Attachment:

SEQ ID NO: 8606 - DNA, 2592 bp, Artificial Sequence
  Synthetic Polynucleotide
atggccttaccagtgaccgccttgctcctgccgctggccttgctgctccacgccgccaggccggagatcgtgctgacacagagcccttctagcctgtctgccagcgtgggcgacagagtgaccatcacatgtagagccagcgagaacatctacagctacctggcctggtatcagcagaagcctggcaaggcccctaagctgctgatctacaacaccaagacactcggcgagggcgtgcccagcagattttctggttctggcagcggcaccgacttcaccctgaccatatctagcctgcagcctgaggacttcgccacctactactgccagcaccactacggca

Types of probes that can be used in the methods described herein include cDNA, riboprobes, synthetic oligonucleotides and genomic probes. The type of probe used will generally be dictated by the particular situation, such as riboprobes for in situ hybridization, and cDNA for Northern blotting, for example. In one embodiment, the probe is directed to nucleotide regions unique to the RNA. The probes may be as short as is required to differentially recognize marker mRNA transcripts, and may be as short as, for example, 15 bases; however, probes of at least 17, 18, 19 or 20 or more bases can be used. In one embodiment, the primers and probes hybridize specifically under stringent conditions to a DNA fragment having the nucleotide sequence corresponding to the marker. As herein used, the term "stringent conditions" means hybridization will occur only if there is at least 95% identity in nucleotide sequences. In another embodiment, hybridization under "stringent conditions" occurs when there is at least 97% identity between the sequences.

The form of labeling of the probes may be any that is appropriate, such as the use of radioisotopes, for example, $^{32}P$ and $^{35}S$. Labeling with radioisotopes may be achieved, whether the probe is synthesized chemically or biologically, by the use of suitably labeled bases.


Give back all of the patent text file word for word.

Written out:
SEQ ID NO: 8606 - DNA, 2592 bp, Artificial Sequence
  Synthetic Polynucleotide
atggccttaccagtgaccgccttgctcctgccgctggccttgctgctccacgccgccaggccggagatcgtgctgacacagagcccttctagcctgtctgccagcgtgggcgacagagtgaccatcacatgtagagccagcgagaacatctacagctacctggcctggtatcagcagaagcctggcaaggcccctaagctgctgatctacaacaccaagacactcggcgagggcgtgcccagcagattttctggttctggcagcggcaccgacttcaccctgaccatatctagcctgcagcctgaggacttcgccacctactactgccagcaccactacggca

Types of probes that can be used in the methods described herein include cDNA, riboprobes, synthetic oligonucleotides and genomic probes. The type of probe used will generally be dictated by the particular situation, such as riboprobes for in situ hybridization, and cDNA for Northern blotting, for example. In one embodiment, the probe is directed to nucleotide regions unique to the RNA. The probes may be as short as is required to differentially recognize marker mRNA transcripts, and may be as short as, for example, 15 bases; however, probes of at least 17, 18, 19 or 20 or more bases can be used. In one embodiment, the primers and probes hybridize specifically under stringent conditions to a DNA fragment having the nucleotide sequence corresponding to the marker. As herein used, the term "stringent conditions" means hybridization will occur only if there is at least 95% identity in nucleotide sequences. In another embodiment, hybridization under "stringent conditions" occurs when there is at least 97% identity between the sequences.

The form of labeling of the probes may be any that is appropriate, such as the use of radioisotopes, for example, $^{32}P$ and $^{35}S$. Labeling with radioisotopes may be achieved, whether the probe is synthesized chemically or biologically, by the use of suitably labeled bases.